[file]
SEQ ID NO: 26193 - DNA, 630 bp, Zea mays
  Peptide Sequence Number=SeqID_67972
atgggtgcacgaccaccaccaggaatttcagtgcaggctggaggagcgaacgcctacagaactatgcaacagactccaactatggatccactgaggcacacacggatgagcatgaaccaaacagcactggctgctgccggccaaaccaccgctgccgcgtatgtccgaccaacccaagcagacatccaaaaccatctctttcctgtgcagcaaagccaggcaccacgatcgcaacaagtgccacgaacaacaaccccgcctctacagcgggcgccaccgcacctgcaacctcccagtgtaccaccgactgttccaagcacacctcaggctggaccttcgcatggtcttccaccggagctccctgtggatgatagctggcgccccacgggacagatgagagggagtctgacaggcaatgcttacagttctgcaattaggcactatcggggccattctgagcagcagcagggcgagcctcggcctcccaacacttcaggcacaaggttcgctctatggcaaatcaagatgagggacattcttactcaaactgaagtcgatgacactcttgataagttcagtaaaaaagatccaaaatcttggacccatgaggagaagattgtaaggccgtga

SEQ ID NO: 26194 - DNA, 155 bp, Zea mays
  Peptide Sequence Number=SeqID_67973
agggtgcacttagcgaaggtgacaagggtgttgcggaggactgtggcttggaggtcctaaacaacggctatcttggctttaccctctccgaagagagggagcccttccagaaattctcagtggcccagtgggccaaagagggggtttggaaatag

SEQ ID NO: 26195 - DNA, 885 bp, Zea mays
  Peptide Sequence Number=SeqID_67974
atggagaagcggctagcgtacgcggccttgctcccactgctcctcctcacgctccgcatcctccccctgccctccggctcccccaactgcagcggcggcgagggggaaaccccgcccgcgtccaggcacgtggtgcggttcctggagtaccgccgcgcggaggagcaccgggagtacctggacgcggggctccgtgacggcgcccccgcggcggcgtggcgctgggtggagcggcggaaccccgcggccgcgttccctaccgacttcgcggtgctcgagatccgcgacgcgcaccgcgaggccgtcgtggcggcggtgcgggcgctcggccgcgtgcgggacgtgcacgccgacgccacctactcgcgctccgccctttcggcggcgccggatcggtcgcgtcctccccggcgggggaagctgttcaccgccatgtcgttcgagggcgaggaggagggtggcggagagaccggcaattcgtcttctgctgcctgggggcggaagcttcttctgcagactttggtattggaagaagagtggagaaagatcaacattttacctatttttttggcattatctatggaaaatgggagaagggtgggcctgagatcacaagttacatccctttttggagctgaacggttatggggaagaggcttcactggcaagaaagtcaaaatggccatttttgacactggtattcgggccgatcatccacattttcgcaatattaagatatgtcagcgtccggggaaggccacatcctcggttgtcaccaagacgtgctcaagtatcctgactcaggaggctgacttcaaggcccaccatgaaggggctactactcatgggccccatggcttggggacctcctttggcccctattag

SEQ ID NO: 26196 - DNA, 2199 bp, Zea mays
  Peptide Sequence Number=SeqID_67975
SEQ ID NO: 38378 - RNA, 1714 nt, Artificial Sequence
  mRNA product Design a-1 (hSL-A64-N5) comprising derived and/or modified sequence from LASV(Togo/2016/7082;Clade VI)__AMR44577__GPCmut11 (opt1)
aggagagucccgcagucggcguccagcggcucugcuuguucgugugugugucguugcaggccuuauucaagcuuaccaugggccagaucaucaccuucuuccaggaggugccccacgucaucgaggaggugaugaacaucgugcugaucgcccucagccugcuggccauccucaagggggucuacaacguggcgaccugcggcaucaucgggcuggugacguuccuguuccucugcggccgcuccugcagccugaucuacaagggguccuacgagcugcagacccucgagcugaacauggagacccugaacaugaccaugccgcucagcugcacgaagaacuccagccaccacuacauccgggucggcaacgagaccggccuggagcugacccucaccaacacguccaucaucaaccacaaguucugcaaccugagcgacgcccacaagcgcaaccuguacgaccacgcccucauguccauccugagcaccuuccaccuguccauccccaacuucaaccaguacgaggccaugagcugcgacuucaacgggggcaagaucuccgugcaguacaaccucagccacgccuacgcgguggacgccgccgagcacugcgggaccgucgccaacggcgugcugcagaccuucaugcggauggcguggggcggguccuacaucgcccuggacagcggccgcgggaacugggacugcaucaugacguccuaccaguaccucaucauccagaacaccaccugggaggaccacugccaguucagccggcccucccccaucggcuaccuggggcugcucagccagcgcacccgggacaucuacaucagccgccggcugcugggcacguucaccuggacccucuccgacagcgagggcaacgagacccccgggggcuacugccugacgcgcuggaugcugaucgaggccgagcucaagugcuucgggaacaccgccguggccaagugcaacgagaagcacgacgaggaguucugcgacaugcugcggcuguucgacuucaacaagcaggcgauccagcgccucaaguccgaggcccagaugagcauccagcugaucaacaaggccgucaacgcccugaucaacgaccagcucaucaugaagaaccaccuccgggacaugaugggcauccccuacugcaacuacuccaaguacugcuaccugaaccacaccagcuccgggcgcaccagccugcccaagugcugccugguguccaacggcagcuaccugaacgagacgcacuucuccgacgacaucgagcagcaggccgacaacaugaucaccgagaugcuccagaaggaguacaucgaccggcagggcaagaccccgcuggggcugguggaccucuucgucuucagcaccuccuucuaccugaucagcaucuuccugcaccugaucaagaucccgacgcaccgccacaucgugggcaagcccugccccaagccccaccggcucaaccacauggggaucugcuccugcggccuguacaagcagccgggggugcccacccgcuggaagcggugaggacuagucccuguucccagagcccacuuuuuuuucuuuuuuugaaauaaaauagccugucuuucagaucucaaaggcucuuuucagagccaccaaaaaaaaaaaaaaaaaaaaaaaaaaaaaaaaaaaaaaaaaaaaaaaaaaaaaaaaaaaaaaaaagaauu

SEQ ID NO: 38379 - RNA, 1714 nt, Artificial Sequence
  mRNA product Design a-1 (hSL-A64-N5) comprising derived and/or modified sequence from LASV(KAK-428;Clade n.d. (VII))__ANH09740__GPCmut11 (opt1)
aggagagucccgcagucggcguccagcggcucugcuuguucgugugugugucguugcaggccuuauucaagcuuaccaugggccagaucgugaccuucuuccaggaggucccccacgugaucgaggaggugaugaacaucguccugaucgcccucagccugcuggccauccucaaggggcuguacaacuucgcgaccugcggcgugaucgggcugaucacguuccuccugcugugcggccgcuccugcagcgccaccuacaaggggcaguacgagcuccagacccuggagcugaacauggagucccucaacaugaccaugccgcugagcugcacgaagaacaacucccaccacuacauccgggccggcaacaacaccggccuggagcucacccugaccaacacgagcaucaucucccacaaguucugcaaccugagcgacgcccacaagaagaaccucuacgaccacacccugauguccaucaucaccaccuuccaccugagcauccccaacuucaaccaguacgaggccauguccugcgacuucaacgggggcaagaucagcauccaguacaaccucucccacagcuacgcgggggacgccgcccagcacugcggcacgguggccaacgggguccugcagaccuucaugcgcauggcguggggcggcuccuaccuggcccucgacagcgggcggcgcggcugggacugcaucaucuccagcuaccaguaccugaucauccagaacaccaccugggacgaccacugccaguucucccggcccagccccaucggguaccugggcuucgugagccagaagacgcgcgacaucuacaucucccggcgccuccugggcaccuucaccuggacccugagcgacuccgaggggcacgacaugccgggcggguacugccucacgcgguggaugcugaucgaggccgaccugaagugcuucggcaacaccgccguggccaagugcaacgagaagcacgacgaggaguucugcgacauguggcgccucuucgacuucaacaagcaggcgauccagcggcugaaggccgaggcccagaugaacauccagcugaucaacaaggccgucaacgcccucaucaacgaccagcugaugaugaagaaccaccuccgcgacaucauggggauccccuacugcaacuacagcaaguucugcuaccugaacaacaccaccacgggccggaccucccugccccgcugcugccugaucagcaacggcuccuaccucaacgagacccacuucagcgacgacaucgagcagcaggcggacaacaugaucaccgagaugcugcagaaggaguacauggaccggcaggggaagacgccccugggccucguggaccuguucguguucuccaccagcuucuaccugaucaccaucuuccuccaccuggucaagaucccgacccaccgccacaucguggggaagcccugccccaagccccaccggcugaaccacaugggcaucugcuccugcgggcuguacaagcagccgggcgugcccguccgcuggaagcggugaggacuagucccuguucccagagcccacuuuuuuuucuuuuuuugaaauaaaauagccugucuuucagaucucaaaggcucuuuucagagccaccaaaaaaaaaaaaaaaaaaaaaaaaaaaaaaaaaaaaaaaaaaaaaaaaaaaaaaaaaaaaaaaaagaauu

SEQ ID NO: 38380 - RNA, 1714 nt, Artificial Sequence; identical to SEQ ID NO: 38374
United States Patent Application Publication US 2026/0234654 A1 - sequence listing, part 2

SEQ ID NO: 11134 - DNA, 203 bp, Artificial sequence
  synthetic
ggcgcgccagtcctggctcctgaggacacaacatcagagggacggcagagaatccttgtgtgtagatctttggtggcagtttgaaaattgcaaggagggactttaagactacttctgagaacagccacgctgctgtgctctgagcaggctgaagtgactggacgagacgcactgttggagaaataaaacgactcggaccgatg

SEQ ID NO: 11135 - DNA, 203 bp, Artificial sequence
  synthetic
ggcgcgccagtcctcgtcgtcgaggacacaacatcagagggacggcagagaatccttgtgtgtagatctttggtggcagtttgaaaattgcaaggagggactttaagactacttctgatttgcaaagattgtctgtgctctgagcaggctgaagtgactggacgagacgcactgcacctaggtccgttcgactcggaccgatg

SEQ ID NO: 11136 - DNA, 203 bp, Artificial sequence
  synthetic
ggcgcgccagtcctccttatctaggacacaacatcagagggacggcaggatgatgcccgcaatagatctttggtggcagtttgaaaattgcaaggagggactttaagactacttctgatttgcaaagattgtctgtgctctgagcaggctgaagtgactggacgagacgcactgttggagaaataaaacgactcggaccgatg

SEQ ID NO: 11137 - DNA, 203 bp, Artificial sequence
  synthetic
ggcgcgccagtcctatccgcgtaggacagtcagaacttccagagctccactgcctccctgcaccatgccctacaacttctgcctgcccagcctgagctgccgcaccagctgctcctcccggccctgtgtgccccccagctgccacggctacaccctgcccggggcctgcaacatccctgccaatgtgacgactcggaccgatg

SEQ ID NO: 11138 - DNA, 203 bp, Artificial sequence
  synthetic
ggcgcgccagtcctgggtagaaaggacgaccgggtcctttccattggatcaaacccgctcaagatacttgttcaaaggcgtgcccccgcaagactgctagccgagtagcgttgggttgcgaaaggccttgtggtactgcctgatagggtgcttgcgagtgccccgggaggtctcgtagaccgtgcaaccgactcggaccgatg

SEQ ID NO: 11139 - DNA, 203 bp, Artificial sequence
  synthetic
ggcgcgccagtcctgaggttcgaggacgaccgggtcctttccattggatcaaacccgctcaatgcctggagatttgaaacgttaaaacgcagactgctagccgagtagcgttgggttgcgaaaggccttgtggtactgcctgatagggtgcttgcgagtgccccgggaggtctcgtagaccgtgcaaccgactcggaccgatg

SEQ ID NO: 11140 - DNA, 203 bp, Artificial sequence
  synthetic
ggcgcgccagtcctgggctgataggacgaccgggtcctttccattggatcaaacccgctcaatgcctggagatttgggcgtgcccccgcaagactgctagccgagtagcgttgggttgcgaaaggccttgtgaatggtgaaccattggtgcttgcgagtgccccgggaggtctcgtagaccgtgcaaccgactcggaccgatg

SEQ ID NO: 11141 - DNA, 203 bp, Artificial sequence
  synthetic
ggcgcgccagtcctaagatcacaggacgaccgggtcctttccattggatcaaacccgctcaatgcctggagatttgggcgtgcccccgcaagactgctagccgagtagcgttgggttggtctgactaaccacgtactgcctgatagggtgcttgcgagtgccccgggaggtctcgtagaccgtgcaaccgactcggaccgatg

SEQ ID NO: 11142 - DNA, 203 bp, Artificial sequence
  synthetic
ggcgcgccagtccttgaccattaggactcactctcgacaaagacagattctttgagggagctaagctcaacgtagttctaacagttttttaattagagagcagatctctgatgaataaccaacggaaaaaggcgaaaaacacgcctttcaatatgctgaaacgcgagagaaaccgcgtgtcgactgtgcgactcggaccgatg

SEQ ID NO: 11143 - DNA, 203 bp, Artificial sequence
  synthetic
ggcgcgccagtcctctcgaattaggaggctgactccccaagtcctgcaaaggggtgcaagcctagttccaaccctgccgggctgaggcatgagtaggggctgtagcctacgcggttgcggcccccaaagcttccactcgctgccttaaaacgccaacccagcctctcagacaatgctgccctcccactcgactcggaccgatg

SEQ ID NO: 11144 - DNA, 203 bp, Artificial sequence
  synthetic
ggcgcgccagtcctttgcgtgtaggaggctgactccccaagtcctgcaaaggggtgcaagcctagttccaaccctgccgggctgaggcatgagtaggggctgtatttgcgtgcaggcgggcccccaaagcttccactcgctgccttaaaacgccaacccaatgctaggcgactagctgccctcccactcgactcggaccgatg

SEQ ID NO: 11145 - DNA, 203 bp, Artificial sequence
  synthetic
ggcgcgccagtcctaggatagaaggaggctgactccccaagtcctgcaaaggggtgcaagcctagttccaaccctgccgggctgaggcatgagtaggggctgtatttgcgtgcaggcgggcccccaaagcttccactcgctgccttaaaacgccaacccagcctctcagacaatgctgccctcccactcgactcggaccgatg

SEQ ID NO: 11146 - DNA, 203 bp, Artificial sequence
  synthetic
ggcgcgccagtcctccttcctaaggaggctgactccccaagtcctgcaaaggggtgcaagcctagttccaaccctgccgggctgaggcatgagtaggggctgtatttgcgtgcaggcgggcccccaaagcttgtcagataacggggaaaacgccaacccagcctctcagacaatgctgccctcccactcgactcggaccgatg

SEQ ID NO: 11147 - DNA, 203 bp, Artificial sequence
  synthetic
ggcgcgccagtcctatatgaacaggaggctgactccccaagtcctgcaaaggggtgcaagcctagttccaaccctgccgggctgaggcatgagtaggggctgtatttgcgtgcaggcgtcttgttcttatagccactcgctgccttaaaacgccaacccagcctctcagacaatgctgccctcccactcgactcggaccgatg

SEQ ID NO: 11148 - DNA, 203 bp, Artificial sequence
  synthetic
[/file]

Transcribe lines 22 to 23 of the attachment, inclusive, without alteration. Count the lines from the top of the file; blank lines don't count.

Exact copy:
ggcgcgccagtcctggctcctgaggacacaacatcagagggacggcagagaatccttgtgtgtagatctttggtggcagtttgaaaattgcaaggagggactttaagactacttctgagaacagccacgctgctgtgctctgagcaggctgaagtgactggacgagacgcactgttggagaaataaaacgactcggaccgatg

SEQ ID NO: 11135 - DNA, 203 bp, Artificial sequence